CASTRA PRAETORIA CANE CORSO
Home of Ancient Guardians
Keepers of the Guardians
Motivated by a passion for the breed, due to their indescribable love and devotion to their pack, we’ve been proudly breeding and supporting the Cane Corso for over a decade. We are a military family, located on a estate farm in beautiful southern Kentucky. We understand the importance of a well balanced, physically, mentally and emotionally sound pet becoming a member of the family. When you and your family are "owned" by a Castra Praetoria Cane Corso baby, you become part of our family too.
Our kennel name "Castra Praetoria" is Latin in origin & translates to camp or barracks of the Praetorian Guard. The Praetorian Guard were the Emperor's elite warriors & personal body guards. We are the home of the guardians, & we would love to help you add an elite ancient body guard to your family.
An ancient and loyal breed, originating in Italy, it is the descendant of the “Molossus” dogs of Epirus in the Greek Islands. Imported around the Third Macedonian War, & later known as “Canis Puniax” by the Romans, they were used for military purposes and gladiatorial fights. Circa 384 BC, Aristotle called these large, strong, energetic, and vicious dogs a cross between a lion and a dog.
In 43 AD Emperor Claudius subjugated Britain to the Roman Empire. The Romans seized the southern regions of the island and established their settlements there making this a starting point for the emergence of a new type of canine, which were based on the “genetic core” of the archaic Molossian dogs. These were larger and more lumber then the modern day Cane Corso (pronounced “KAH-Nay KOR-So”).
In the V century, the Roman legionaries left Britain accompanied by these powerful and hearty dogs. They participated in the battles, guarded the camps, and helped drive the herds of cattle that would later serve as food for the legion. The Roman Emperors would give their legionaries a retirement & they would receive the right to purchase land in the border provinces on which they could farm & raise livestock. Many took these versatile dogs with them.
The contemporary name of the breed originates with the formation of the dogs in the Corsican colony of the Roman Empire. "Cane Corso" is translated directly to "dog of Corsica" with the root word of cane being canis meaning canine or dog in english, & corso
The refinement of the breed in Corsica happened in a similar manner as it did in Britain, with dogs having been brought to Corsica by the veteran legionnaires as well as dogs brought by the Etruscans. For a long time, it was accepted among the Etruscans that if a dog lived in the family of a noble person, then it was considered a noble animal itself. A good dog was considered both a useful & valued gift for people of high position.
In 476 AD, when the fall of the Western Roman Empire was followed by the beginning of the Middle Ages, a period of further improvement of the breed began. Acquiring new characteristics, although homogeneous throughout the breed, traits were accentuated or minimized depending on their intended purpose. Not only did they need the help of fast, agile hunters, but also an urgent need for protection of their farms and villages from invaders, bandits & thieves.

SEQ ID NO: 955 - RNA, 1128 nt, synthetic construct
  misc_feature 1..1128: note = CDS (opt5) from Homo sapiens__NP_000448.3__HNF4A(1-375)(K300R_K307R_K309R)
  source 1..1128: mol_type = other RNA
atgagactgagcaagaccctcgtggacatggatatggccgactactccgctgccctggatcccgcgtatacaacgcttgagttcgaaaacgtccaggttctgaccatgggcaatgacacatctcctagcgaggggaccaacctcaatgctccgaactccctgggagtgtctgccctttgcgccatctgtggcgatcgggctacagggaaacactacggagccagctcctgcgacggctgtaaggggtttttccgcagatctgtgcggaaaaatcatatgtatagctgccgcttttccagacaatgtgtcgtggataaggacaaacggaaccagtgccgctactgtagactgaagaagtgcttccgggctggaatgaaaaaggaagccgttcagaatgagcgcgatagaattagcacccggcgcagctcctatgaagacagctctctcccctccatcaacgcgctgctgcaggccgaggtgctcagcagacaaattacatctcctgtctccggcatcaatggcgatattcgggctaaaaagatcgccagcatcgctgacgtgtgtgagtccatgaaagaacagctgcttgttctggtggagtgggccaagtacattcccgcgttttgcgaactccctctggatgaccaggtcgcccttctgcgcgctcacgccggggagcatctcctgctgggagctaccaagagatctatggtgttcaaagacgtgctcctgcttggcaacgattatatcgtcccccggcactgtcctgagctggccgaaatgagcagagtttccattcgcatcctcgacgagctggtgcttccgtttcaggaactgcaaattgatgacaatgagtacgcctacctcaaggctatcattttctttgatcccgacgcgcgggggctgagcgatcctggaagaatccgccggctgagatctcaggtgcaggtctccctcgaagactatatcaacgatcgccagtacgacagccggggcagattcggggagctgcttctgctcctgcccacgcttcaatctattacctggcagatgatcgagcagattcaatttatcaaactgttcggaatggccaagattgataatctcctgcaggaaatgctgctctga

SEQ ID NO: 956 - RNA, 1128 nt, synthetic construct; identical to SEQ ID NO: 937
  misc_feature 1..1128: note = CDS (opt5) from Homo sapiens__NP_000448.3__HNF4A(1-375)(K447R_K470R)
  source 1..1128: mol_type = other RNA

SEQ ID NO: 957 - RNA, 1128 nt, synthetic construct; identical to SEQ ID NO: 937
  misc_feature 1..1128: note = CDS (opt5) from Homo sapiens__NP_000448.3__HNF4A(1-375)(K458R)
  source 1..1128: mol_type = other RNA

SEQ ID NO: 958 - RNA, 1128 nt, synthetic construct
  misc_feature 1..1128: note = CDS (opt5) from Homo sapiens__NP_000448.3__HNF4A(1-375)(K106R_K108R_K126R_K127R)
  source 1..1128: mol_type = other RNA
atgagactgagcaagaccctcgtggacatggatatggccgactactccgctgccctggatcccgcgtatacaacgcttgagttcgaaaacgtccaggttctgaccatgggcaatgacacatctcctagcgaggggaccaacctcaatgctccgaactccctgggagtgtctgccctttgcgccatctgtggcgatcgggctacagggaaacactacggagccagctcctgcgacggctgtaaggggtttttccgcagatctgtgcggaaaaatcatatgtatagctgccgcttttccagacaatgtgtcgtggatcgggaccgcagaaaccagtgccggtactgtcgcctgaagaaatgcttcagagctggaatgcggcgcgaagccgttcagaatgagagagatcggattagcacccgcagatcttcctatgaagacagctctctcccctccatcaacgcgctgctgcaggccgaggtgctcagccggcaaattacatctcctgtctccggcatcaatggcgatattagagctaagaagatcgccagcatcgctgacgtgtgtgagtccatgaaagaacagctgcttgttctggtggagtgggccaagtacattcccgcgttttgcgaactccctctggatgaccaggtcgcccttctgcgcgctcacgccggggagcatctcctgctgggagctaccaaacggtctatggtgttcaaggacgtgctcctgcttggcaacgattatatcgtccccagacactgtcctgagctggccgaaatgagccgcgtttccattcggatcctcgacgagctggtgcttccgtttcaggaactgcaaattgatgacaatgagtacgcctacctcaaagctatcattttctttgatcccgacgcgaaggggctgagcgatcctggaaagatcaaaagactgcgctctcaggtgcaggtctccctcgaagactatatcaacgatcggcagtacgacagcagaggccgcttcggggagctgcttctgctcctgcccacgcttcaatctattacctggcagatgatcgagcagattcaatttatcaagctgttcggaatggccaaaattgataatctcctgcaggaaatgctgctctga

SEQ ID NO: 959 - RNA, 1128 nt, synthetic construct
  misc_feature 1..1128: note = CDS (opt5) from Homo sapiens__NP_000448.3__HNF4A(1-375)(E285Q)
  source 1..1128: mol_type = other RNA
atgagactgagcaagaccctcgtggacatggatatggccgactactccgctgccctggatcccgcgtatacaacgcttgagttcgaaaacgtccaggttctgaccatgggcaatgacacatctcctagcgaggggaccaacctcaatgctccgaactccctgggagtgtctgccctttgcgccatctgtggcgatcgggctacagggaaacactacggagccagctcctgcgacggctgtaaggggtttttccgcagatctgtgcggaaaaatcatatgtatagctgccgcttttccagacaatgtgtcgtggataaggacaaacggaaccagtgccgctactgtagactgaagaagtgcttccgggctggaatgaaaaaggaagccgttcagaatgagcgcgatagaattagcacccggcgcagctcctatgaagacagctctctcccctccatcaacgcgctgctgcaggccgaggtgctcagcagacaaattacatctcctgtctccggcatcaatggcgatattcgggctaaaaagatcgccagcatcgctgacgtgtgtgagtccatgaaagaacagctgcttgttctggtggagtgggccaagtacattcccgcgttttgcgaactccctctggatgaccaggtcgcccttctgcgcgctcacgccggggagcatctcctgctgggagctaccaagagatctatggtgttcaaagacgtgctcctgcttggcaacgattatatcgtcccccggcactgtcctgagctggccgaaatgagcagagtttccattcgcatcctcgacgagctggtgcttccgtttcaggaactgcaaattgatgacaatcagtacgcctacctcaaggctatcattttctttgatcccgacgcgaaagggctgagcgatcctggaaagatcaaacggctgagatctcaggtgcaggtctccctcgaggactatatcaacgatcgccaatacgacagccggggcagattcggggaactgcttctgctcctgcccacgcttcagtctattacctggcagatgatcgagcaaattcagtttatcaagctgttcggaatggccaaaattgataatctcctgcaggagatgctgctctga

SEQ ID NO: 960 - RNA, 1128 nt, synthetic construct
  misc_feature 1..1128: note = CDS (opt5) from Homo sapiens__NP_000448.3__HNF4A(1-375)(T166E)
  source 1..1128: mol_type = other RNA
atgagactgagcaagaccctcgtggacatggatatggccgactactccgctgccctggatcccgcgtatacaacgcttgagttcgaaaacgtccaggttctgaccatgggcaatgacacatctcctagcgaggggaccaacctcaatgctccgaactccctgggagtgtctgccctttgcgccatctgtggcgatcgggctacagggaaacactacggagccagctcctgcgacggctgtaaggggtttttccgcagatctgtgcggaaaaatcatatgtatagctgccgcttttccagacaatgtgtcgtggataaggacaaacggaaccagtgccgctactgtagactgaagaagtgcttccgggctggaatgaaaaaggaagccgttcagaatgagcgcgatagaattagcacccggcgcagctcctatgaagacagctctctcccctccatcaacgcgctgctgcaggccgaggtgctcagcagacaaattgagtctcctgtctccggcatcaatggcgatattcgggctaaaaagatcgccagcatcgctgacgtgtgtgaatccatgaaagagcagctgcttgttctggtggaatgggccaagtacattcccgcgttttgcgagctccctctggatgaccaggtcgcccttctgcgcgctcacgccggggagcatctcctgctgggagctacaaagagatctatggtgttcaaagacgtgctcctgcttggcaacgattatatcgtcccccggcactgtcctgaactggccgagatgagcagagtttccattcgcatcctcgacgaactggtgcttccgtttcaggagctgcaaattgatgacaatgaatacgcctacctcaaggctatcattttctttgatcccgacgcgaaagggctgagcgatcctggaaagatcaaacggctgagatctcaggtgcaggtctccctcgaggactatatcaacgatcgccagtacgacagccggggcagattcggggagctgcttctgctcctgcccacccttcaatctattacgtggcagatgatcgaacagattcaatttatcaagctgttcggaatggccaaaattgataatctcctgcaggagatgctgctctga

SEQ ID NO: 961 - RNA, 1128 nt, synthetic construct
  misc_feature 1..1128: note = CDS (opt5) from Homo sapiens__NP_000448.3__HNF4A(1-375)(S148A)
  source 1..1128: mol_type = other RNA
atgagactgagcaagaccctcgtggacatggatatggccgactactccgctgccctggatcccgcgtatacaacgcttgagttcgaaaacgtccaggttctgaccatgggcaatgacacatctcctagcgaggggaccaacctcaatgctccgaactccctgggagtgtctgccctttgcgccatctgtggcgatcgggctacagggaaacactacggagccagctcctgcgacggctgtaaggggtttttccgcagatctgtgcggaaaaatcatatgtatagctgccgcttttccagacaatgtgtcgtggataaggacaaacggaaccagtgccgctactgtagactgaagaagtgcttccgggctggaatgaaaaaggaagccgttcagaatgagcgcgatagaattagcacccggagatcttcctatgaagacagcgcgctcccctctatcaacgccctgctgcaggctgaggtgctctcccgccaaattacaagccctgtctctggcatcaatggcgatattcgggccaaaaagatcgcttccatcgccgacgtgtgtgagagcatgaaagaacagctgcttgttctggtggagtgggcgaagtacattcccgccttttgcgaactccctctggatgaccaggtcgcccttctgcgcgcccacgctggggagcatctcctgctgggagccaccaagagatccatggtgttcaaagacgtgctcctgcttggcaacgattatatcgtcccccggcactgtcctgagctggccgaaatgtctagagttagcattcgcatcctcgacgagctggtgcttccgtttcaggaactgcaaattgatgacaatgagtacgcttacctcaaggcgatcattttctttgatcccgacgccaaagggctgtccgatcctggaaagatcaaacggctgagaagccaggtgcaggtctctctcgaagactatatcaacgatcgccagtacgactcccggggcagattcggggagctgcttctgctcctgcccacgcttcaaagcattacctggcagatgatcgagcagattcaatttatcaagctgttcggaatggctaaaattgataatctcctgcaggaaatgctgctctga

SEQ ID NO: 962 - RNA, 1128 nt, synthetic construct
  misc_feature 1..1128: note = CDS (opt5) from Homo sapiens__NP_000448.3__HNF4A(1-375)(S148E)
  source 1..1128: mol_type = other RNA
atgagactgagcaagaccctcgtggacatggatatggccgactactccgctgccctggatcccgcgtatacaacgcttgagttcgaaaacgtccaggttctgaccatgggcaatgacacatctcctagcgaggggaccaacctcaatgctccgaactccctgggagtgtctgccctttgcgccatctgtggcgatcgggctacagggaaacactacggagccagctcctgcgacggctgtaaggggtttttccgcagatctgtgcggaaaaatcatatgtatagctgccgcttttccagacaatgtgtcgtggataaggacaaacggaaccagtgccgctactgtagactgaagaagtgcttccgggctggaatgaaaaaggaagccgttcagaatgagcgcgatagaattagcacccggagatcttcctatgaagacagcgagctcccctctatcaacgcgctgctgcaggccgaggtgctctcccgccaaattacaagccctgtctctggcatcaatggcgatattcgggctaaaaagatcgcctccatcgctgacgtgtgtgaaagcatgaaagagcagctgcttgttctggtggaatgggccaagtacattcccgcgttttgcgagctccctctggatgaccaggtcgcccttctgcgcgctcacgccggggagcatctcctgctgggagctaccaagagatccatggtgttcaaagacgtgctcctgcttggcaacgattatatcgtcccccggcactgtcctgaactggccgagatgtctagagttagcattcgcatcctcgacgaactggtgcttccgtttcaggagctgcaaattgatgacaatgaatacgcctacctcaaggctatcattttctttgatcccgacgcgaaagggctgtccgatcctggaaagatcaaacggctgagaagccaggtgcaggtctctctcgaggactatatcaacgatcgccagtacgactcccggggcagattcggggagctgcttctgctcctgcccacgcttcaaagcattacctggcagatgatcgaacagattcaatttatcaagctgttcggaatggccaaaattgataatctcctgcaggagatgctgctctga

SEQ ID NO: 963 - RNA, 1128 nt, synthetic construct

Through out history the Cane Corso has been a dog of war in the Roman Legion, an exceptional guard dog for families, a skilled hunter, & livestock protector, helping cattle traders drive herds, & some even pulling carts for their owner.
The Corso breed is first mentioned by Teofilo Folengo (1491-1544), who describes in general terms a dog in a deadly fight with either a bear or a lion that had been wounded by a hunter, where he states “canes inter seu corsos sive molossus” (Latin) - “dog, either corso or molosso”).
During the First and Second World Wars, the Cane Corso was almost extinct. After the World Wars, farmers had greater access to firearms & the demand for protection dogs decreased, further dwindling the population.
In the 1970s, breed enthusiasts were able to find Cane Corsi (Corsi is plural for Corso) in the rural farmlands of southern Italy. Through concentrated effort & determination, they were able to help bring back this majestic breed from the edge of extinction. Introducing the breed to the United States and also the rest of Europe in the early 1980s.
How amazing to think, this breed preserves the memory of great civilizations of the past. It saw the rise and fall of the Roman Empire, witnessed the Middle Ages, both World Wars & now modern times.
The popularity & recognization of the breed increased dramatically after the formation of the International Cane Corso Federation (ICCF) in 1992, & with their help, we are able to preserve the genealogy & breeding standard of such an amazing animal.
Although the ICCF is the oldest, and largest Corsi registry in the United States, there are additional clubs to follow that help with the preservation of this noble & historic breed. They include:
FCI (Federation Cynologique International) accepted the breed in 1996.
UKC (United Kennel Club) accepted the breed on 15th of July 2008.
AKC (American Kennel Club) accepted the breed in 2010.
ARBA (American Rare Breed Association).
NAKC (North American Kennel Club).
The Corso is a noble large-boned and muscular working dog. Confident disposition, powerful, that may be intimidating to some. The Corso is fearless, vigilant, protective, athletic, intuitive, sensitive, patient, kind, highly intelligent, and extremely loving, while making for an undeniably perfect companion.
Monday - Friday: 9am - 5pm
Saturday: 9am - 6pm
Veteran owned and operated